What Happens if you Overhear a Decision-Maker’s Deliberations?

A funny thing happened at the Tribunal Administratif du Québec recently. A hearing was conducted into the suspension of an individual’s driver’s licence by videoconference. One of the administrative judges was present at the hearing; the other joined from a remote location. When the SAAQ — the administrative agency that controls drivers’ licences — sought to introduce a medical note which it had not previously produced to the individual, the lawyers were asked to leave the room while the judges discussed admissibility.

Unfortunately, the conversation between the judges made its way into the official recording of the proceedings. The hearing was adjourned to allow the parties to prepare further submissions and a copy of the proceedings was sent out.

Counsel for the SAAQ was most upset upon learning of the following extract from the admissibility discussion:

« Me Pierre Goulet :
Mais… en tout cas. À mon avis, face à la preuve qu’on a eu aujourd’hui, je donne prépondérance à la preuve du requérant.
Dre Louise Galarneau :
Moi aussi je penche de ce côté-là, certain »

The SAAQ subsequently sought to have the judges recuse themselves: SAAQ c. G.B., 2012 QCTAQ 02915. The argument, based on the recorded conversation, was that a reasonable observer, fully informed of the facts, would have an apprehension of bias. In this case, the SAAQ argued, the judges had formed a clear view of the way they were going to decide the case before the adjournment.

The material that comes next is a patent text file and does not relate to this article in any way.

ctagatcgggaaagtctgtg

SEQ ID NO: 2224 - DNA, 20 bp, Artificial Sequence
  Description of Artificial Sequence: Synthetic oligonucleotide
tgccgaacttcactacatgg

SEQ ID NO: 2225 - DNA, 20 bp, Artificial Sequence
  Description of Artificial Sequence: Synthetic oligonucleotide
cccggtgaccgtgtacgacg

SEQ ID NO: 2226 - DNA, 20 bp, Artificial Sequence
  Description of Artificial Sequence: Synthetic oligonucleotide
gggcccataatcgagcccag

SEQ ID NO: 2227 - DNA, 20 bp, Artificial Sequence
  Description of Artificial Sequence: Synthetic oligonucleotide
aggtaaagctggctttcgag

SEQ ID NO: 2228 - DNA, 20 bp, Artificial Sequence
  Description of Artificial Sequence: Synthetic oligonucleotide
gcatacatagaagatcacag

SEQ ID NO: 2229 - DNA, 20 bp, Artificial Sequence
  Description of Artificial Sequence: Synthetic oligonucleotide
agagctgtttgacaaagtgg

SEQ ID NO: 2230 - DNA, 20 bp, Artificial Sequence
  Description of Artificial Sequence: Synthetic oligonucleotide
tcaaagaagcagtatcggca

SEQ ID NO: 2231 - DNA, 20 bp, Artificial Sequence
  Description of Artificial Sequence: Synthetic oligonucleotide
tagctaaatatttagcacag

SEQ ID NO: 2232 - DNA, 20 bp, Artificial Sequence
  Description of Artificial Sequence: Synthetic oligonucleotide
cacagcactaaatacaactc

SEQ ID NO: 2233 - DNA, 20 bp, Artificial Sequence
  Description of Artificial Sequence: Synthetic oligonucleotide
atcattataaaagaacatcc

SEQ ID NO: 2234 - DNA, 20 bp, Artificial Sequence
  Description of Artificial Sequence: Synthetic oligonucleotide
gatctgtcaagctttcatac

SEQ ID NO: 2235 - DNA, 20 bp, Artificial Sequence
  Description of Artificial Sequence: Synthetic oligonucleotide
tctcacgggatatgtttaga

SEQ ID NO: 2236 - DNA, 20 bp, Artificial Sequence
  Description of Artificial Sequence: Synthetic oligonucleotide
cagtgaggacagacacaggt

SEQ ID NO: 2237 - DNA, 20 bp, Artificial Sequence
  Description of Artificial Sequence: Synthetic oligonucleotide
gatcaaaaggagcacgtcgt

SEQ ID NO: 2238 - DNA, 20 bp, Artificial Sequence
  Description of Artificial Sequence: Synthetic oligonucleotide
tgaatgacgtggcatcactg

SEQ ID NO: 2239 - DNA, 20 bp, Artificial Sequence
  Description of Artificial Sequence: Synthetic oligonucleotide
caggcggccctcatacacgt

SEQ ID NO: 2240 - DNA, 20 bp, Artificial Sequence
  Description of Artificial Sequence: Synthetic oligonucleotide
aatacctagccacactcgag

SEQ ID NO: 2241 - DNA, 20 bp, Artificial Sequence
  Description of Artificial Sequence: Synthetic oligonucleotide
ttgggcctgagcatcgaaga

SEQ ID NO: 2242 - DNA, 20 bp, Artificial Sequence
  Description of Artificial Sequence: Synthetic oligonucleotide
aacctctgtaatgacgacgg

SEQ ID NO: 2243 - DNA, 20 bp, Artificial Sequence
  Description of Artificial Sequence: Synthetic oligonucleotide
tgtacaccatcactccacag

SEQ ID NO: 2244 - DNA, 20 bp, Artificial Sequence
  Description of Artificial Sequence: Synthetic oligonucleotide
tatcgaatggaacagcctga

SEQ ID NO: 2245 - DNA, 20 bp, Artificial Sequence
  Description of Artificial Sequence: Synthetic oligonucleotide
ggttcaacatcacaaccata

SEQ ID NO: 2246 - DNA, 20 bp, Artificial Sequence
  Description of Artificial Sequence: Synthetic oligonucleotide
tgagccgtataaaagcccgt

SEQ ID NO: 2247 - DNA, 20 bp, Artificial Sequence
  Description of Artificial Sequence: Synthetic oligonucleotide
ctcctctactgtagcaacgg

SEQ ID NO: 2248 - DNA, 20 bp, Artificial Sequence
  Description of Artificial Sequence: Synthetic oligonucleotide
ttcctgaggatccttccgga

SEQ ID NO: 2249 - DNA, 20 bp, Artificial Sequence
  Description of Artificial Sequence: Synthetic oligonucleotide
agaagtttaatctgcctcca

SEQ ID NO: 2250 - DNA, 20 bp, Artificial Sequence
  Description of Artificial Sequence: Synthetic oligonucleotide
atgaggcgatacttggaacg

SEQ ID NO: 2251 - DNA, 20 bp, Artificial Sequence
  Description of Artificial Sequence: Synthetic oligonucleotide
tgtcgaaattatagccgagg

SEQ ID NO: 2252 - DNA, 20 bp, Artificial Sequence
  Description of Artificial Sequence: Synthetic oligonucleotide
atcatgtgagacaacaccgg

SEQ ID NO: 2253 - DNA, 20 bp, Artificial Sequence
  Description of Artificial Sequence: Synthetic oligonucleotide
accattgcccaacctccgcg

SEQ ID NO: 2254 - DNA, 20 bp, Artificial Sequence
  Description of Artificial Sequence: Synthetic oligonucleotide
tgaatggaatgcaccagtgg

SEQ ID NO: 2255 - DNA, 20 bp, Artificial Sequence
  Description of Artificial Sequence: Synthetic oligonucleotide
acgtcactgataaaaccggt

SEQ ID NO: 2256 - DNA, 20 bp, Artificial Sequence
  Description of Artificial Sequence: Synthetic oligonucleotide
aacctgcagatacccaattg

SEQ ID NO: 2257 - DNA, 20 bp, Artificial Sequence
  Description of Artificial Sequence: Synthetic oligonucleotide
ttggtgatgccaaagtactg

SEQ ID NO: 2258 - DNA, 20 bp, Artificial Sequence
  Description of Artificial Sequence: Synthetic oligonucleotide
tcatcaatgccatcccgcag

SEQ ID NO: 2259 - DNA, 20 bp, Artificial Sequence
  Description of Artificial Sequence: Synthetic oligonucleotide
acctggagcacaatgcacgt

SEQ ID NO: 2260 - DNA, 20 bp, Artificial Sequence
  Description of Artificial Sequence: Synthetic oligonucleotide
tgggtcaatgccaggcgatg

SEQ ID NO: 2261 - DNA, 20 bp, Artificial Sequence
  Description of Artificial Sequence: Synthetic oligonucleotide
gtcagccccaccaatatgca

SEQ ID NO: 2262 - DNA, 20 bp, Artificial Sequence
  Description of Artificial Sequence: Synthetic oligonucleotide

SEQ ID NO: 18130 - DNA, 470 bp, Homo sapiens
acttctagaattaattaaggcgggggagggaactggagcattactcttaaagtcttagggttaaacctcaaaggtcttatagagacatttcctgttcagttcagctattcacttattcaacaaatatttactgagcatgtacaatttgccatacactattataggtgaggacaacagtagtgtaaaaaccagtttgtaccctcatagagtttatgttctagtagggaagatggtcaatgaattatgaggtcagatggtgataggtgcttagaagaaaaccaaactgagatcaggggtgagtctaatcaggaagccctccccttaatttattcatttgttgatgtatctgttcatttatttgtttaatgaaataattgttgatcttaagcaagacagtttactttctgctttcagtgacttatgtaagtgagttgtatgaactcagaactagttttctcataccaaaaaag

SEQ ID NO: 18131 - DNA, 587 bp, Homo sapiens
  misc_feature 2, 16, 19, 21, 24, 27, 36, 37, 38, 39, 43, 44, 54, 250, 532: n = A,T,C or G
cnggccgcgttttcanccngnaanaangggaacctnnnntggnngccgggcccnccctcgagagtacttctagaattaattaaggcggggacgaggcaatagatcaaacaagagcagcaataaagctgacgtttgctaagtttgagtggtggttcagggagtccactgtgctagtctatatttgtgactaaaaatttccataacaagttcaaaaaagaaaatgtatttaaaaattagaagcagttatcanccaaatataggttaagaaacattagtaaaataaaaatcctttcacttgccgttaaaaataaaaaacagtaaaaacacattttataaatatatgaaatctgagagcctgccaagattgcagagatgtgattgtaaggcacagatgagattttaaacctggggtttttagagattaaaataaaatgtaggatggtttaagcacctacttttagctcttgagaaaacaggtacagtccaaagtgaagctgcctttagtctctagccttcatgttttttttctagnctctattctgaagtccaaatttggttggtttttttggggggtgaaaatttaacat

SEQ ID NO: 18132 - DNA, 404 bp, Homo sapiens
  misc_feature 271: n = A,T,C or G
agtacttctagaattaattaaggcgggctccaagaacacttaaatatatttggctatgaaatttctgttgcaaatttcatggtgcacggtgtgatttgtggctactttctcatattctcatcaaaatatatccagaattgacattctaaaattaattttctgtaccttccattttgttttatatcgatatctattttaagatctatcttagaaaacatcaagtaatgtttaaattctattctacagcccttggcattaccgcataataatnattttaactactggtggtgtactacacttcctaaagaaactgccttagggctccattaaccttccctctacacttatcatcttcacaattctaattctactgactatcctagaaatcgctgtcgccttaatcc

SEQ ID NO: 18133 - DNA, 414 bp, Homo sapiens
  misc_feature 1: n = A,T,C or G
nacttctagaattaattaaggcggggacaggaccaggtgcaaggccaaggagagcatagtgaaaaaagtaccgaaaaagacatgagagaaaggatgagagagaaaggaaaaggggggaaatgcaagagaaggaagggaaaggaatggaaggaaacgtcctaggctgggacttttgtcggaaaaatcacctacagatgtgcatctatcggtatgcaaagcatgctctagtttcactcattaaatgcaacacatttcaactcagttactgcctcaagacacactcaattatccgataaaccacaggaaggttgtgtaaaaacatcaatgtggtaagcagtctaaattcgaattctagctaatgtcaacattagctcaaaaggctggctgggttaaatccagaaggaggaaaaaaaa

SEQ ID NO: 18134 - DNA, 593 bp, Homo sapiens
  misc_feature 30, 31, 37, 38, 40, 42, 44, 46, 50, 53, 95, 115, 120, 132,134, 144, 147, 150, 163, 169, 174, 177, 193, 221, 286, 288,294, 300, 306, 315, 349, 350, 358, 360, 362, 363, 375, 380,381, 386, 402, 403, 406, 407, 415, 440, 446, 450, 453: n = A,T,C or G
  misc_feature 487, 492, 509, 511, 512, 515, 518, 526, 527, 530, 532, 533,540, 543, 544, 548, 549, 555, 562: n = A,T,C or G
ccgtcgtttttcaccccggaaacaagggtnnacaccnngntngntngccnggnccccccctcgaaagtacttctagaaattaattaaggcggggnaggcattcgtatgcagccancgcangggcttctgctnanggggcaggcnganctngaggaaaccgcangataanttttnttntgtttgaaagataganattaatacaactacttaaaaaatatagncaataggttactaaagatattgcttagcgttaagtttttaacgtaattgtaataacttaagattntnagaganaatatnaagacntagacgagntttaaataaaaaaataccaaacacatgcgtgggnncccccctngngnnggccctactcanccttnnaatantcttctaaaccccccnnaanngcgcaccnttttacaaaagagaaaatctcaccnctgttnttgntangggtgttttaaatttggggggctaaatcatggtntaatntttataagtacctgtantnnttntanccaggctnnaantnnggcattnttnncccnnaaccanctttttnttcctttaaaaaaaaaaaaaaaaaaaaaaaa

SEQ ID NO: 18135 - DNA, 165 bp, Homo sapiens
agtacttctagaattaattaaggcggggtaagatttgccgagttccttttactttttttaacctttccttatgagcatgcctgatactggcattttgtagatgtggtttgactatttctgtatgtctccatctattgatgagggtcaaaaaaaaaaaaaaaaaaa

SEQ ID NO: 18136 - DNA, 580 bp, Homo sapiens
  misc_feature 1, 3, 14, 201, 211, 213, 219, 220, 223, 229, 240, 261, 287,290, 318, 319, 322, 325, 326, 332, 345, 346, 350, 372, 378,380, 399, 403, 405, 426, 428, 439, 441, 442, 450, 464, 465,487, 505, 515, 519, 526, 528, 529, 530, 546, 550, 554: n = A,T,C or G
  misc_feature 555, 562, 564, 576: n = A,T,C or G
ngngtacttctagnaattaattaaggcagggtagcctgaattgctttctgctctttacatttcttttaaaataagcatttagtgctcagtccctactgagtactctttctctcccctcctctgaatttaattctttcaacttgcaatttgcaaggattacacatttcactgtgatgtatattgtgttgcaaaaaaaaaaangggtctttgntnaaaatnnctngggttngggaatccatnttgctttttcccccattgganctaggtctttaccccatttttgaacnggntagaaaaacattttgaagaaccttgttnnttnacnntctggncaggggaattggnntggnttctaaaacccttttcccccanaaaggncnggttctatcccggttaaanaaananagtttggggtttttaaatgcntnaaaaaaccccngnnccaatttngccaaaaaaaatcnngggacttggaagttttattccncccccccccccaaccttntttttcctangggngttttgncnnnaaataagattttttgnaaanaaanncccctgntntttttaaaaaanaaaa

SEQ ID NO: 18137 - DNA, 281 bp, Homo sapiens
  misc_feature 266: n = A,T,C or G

Gosselin J. rejected this argument. He noted first that in determining questions of bias, the context must be borne in mind:

[30]           Rappelons que les juges administratifs Goulet et Galarneau faisaient alors face à la problématique de l’acceptation ou non en preuve d’un document qui n’avait pas été produit antérieurement au dossier du Tribunal par la SAAQ et qui était de la nature d’une note médicale rédigée par un médecin qui n’avait pas examiné la personne qui demande l’annulation de la révocation de son permis de conduire par la SAAQ.

In particular, the comments were made “live”, as the judges reacted to seeing the documentary evidence. Any decision-maker reacts in some way to evidence placed before him or her. What matters is whether they have impermissibly formed a fixed view which they will not change or simply arrived at a preliminary view which they may change later. Here, Gosselin J. held, there was no suggestion that the judges’ views were set in stone:

[36]          À partir des mots soulignés dans les extraits reproduits dans la présente décision, on voit très bien qu’il s’agit dans le présent cas d’opinions exprimées en fonction des informations dont les juges administratifs disposent au moment même où ils prononcent ces paroles. En effet, rien ne laisse croire que dans l’audience à venir, la SAAQ n’aurait pas l’occasion de parfaire sa preuve et que cette opinion « du moment » des juges administratifs ne pourrait pas être modifiée.

Nonetheless, it’s probably better for the administration of justice if judges make sure the tapes and cameras have stopped rolling before they start to deliberate.

Aside: West Wing fans may have been reminded of this scene.

H/T Lucie Allard, SOQUIJ.

This content has been updated on June 11, 2014 at 09:47.